On Wednesday, December 4th, Professor Josh Guilford hosted the Toronto-based film scholar, writer, and programmer, Tess Takahashi, for a public screening of a short film program co-curated by Takahashi and himself, which was screened in the Keefe Campus Center Theater. The program Takahashi and Guilford presented, “Women Filmmakers, Embodiment, and Abstraction (1970-1995),” included eight short avant-garde films created by women filmmakers between 1970-1995, which center on themes of embodiment and abstraction. It highlighted a prevalent, yet under-examined, tension that structures diverse forms of women’s experimental cinema from this period by gathering a range of works that are marked by a complex oscillation between the deployment of abstract images and sounds, and the representation of gendered, raced, and sexualized bodies.

The program featured rarely-screened 16mm films drawn from the collections of three North American distributors of experimental film, Canyon Cinema (San Francisco), the Film-Makers’ Cooperative (New York), and the Canadian Film-Makers’ Distribution Centre (Toronto). The screening was attended by students from Guilford’s class, “ENGL- 481: Conversations with Experimental Filmmakers,” and was also open to the broader film and arts public at Amherst and throughout the area. Takahashi also conducted a class visit with his seminar on Thursday, December 5th, to further discuss the works exhibited on the night of the 4th. After screening in Amherst, the program travelled to the University of Toronto, where it was exhibited to a public audience on December 14th.


Program Partners: Theater & Dance Department, Eastman Lecture Funding, New England Foundation for the Arts Expeditions Grant, CHI, OSL, Northampton Community Arts Trust, The School for Contemporary Dance and Thought, and 33 Hawley St.

The Department of Theater & Dance presented a special showing of CAST, STAGE, AUTHOR by a canary torsi, a project invested in how meaning is created by audiences and performers in real time through the languages of theater: spectacle, casting, scores and scripts. In addition to the performances of CAST and STAGE at Kirby Theater, the installation component of the work, AUTHOR, was presented at The Northampton Community Arts Trust Building. As part of their residency, a canary torsi collaborated with Prof. Yagil Eliraz’s special research course in Casting and Identity Politics. Several of the artists also conducted a masterclass at the School for Contemporary Dance & Thought in Northampton. The work was also presented at five other venues throughout New England during the 2019/20 year.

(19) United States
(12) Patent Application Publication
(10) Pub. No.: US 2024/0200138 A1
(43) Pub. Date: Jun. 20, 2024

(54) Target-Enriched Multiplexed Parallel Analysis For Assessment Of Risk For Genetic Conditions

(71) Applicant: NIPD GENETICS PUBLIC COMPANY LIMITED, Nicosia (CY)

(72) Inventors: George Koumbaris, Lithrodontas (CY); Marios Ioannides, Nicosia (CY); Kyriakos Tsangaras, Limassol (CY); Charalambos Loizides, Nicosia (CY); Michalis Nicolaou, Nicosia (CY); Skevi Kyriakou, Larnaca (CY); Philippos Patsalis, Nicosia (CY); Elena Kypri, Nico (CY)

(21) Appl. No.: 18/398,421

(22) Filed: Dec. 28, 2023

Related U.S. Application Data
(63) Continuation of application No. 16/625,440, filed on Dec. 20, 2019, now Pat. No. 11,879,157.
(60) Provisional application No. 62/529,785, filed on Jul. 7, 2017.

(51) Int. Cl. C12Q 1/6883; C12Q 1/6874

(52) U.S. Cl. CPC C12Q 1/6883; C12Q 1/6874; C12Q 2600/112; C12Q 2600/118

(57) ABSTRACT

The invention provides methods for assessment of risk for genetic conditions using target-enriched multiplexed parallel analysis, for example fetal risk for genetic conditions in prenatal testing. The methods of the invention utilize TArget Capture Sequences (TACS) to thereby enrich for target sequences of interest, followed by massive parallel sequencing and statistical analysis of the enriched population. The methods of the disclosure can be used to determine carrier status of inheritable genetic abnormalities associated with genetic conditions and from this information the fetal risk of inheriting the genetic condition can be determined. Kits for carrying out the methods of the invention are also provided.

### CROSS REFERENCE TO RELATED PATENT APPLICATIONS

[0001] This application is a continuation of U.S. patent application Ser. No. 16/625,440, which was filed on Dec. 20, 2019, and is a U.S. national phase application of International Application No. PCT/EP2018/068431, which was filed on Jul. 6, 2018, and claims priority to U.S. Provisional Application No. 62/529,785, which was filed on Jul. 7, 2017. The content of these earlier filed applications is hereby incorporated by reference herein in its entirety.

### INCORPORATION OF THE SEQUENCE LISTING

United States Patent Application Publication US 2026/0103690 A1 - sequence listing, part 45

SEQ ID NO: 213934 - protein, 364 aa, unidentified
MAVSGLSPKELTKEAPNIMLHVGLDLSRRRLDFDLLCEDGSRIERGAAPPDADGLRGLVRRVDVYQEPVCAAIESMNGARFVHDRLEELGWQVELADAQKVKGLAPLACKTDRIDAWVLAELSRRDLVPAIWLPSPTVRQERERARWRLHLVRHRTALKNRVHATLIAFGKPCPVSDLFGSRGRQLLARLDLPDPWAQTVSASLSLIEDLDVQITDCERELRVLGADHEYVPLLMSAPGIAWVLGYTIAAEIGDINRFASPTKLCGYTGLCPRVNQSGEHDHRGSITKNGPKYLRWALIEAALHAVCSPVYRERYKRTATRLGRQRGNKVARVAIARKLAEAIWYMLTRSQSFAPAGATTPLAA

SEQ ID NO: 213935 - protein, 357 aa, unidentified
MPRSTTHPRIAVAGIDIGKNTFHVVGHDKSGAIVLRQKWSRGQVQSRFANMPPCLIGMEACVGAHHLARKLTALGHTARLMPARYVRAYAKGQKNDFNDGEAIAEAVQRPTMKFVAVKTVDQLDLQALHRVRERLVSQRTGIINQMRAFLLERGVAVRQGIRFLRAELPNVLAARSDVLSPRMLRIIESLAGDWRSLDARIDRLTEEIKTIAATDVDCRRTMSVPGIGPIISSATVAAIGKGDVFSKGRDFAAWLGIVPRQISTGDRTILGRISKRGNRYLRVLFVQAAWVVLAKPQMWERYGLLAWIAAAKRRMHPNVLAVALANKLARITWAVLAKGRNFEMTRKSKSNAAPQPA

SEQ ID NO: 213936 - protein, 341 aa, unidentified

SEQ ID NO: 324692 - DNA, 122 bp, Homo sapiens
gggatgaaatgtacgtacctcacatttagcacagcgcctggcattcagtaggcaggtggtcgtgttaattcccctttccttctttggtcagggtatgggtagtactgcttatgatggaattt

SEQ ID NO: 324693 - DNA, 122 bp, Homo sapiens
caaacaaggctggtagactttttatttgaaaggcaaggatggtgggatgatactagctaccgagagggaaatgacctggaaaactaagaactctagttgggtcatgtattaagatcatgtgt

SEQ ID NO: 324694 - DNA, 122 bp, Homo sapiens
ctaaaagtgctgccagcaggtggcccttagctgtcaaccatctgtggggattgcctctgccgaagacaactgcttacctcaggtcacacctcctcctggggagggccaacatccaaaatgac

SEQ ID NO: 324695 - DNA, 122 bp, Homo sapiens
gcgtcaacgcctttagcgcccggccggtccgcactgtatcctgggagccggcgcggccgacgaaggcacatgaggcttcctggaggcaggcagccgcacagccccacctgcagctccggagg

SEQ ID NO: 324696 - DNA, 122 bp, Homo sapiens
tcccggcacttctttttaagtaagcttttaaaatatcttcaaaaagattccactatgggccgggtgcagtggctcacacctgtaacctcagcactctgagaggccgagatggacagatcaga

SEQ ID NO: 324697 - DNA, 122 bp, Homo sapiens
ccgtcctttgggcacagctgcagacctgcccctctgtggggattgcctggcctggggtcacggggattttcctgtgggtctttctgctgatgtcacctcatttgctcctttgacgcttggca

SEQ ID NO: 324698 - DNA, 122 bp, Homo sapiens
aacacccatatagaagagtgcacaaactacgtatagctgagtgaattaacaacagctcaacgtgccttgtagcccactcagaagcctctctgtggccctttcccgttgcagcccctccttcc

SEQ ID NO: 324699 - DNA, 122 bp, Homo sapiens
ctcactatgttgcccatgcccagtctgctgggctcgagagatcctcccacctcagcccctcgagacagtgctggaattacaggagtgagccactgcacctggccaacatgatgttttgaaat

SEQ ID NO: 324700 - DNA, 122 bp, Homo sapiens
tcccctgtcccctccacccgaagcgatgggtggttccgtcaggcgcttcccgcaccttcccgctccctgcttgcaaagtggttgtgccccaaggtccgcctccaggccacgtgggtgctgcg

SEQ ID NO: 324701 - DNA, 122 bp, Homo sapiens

Galentines Day Broadsides | Jennifer Acker (The Common)

Program Partners: The Common, The Mead Art Museum, Amherst College’s Human Resources Activities Committee, WGC

The Common provided a selection of contemporary literature to complement The Mead’s Galentine’s Day Breakfast--a waffle breakfast and appreciation card-making event to celebrate friendship on campus. The Common designed and printed 50 broadsides featuring a poem and image on the theme of friendship. Attendees were given a broadside to take home or to use as source material when creating their own galentine. This collaboration between the Mead and The Common highlighted the important intersections between the visual and literary arts as creative mechanisms for reflecting upon one’s own experiences while also providing vital opportunities to encounter and engage with new perspectives. These take-home selections of literature connected students and community members with contemporary voices and promoted the literary arts as an avenue for their own creative expression.

Christopher Myers Residency | Emily Potter-Ndiaye (The Mead)

Program Partners: Departments of English, Black Studies, Theater & Dance, and SWAGS, MRC, WGC, The Common, The Mead Art Museum, The Eric Carle Museum

The Mead hosted contemporary artist Christopher Myers to campus for a two-day residency in which he participated in a luncheon with students in the Multicultural Resource Center, delivered an artist talk, and facilitated an art and writing workshop. Myers’ work engages classics from English literature and visual reference points in the Mead's Rotherwas Room in a reinterpretation of familiar histories from postcolonial perspectives. At his luncheon in the MRC, Myers answered questions about his work in the fields of contemporary art and publishing and about how his identity impacts the work he does. In his artist talk, Myers discussed his latest installation, "May the Red Plague Rid You for Learning Me Your Language," in which he revisits Shakespeare’s The Tempest and represents the characters Prospero, Ariel, and Caliban through the lens of colonization. Following the talk, the Mead hosted a reception for faculty and staff to spend time with Myers and ask further questions about his work. On the final day of his residency, the Mead hosted a reading and book signing with Myers, designed with Mead student museum educators to reach both campus students and employees and area youth programs. After the signing, The Mead offered a mini-community day with art and writing centered activities for folks to participate in.

75 Dollar Bill | Carol Keller (ATHA)

Program Partners: The Department of Art & the History of Art, Eastman Lecture Funds